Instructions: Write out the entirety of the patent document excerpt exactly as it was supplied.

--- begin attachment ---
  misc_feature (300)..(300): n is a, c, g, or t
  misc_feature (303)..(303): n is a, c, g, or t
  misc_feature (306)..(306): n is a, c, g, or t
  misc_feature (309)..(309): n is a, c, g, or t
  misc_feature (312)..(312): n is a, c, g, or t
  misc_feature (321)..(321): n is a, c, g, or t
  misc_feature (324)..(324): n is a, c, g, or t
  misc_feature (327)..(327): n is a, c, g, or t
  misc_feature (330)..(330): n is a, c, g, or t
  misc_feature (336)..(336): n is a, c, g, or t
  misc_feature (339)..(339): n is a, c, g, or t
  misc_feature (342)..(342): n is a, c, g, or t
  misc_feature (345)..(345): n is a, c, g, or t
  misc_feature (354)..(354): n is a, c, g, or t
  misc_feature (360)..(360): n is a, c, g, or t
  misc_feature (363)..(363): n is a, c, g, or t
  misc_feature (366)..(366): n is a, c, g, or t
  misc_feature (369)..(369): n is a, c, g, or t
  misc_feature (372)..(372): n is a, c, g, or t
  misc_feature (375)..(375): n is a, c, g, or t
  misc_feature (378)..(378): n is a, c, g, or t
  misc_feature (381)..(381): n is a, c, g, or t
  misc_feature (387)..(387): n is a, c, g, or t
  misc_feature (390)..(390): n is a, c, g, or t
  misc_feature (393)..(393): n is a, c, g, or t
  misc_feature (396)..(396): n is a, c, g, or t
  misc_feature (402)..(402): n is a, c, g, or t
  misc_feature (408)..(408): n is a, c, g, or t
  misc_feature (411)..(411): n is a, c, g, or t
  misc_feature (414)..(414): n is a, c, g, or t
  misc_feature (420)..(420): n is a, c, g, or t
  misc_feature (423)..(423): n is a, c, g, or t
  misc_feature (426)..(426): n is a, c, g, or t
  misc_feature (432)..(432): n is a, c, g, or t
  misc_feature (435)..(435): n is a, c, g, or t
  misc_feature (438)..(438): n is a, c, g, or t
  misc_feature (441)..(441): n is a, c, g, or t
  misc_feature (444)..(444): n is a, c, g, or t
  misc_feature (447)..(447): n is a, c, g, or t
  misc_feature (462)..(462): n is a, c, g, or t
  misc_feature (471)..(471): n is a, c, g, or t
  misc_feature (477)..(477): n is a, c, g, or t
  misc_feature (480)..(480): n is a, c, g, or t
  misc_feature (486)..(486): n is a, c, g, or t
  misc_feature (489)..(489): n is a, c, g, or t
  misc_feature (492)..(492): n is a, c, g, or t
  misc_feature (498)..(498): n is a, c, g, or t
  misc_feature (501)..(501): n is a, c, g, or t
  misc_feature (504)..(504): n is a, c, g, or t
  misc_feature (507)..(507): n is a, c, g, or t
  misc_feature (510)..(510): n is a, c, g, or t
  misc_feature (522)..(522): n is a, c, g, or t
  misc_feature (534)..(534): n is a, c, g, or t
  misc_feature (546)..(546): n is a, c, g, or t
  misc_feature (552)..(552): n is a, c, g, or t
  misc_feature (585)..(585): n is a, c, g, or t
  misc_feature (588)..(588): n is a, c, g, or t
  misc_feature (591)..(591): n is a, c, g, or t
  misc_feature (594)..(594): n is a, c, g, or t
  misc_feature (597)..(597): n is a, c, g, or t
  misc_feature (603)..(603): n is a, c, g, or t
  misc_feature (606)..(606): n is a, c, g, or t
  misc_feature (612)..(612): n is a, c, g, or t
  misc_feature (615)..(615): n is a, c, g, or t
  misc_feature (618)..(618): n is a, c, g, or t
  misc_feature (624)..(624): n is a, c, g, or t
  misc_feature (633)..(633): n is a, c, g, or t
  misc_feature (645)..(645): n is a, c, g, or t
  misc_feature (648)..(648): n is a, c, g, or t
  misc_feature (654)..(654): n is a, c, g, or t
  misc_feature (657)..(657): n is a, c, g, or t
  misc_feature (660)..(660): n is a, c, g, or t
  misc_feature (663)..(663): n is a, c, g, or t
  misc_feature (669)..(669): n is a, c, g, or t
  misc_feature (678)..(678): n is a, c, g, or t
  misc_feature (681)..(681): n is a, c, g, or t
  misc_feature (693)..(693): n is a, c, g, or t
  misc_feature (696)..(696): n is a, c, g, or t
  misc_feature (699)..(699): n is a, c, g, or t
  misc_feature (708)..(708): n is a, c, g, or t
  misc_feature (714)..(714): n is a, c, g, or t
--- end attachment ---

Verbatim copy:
  misc_feature (300)..(300): n is a, c, g, or t
  misc_feature (303)..(303): n is a, c, g, or t
  misc_feature (306)..(306): n is a, c, g, or t
  misc_feature (309)..(309): n is a, c, g, or t
  misc_feature (312)..(312): n is a, c, g, or t
  misc_feature (321)..(321): n is a, c, g, or t
  misc_feature (324)..(324): n is a, c, g, or t
  misc_feature (327)..(327): n is a, c, g, or t
  misc_feature (330)..(330): n is a, c, g, or t
  misc_feature (336)..(336): n is a, c, g, or t
  misc_feature (339)..(339): n is a, c, g, or t
  misc_feature (342)..(342): n is a, c, g, or t
  misc_feature (345)..(345): n is a, c, g, or t
  misc_feature (354)..(354): n is a, c, g, or t
  misc_feature (360)..(360): n is a, c, g, or t
  misc_feature (363)..(363): n is a, c, g, or t
  misc_feature (366)..(366): n is a, c, g, or t
  misc_feature (369)..(369): n is a, c, g, or t
  misc_feature (372)..(372): n is a, c, g, or t
  misc_feature (375)..(375): n is a, c, g, or t
  misc_feature (378)..(378): n is a, c, g, or t
  misc_feature (381)..(381): n is a, c, g, or t
  misc_feature (387)..(387): n is a, c, g, or t
  misc_feature (390)..(390): n is a, c, g, or t
  misc_feature (393)..(393): n is a, c, g, or t
  misc_feature (396)..(396): n is a, c, g, or t
  misc_feature (402)..(402): n is a, c, g, or t
  misc_feature (408)..(408): n is a, c, g, or t
  misc_feature (411)..(411): n is a, c, g, or t
  misc_feature (414)..(414): n is a, c, g, or t
  misc_feature (420)..(420): n is a, c, g, or t
  misc_feature (423)..(423): n is a, c, g, or t
  misc_feature (426)..(426): n is a, c, g, or t
  misc_feature (432)..(432): n is a, c, g, or t
  misc_feature (435)..(435): n is a, c, g, or t
  misc_feature (438)..(438): n is a, c, g, or t
  misc_feature (441)..(441): n is a, c, g, or t
  misc_feature (444)..(444): n is a, c, g, or t
  misc_feature (447)..(447): n is a, c, g, or t
  misc_feature (462)..(462): n is a, c, g, or t
  misc_feature (471)..(471): n is a, c, g, or t
  misc_feature (477)..(477): n is a, c, g, or t
  misc_feature (480)..(480): n is a, c, g, or t
  misc_feature (486)..(486): n is a, c, g, or t
  misc_feature (489)..(489): n is a, c, g, or t
  misc_feature (492)..(492): n is a, c, g, or t
  misc_feature (498)..(498): n is a, c, g, or t
  misc_feature (501)..(501): n is a, c, g, or t
  misc_feature (504)..(504): n is a, c, g, or t
  misc_feature (507)..(507): n is a, c, g, or t
  misc_feature (510)..(510): n is a, c, g, or t
  misc_feature (522)..(522): n is a, c, g, or t
  misc_feature (534)..(534): n is a, c, g, or t
  misc_feature (546)..(546): n is a, c, g, or t
  misc_feature (552)..(552): n is a, c, g, or t
  misc_feature (585)..(585): n is a, c, g, or t
  misc_feature (588)..(588): n is a, c, g, or t
  misc_feature (591)..(591): n is a, c, g, or t
  misc_feature (594)..(594): n is a, c, g, or t
  misc_feature (597)..(597): n is a, c, g, or t
  misc_feature (603)..(603): n is a, c, g, or t
  misc_feature (606)..(606): n is a, c, g, or t
  misc_feature (612)..(612): n is a, c, g, or t
  misc_feature (615)..(615): n is a, c, g, or t
  misc_feature (618)..(618): n is a, c, g, or t
  misc_feature (624)..(624): n is a, c, g, or t
  misc_feature (633)..(633): n is a, c, g, or t
  misc_feature (645)..(645): n is a, c, g, or t
  misc_feature (648)..(648): n is a, c, g, or t
  misc_feature (654)..(654): n is a, c, g, or t
  misc_feature (657)..(657): n is a, c, g, or t
  misc_feature (660)..(660): n is a, c, g, or t
  misc_feature (663)..(663): n is a, c, g, or t
  misc_feature (669)..(669): n is a, c, g, or t
  misc_feature (678)..(678): n is a, c, g, or t
  misc_feature (681)..(681): n is a, c, g, or t
  misc_feature (693)..(693): n is a, c, g, or t
  misc_feature (696)..(696): n is a, c, g, or t
  misc_feature (699)..(699): n is a, c, g, or t
  misc_feature (708)..(708): n is a, c, g, or t
  misc_feature (714)..(714): n is a, c, g, or t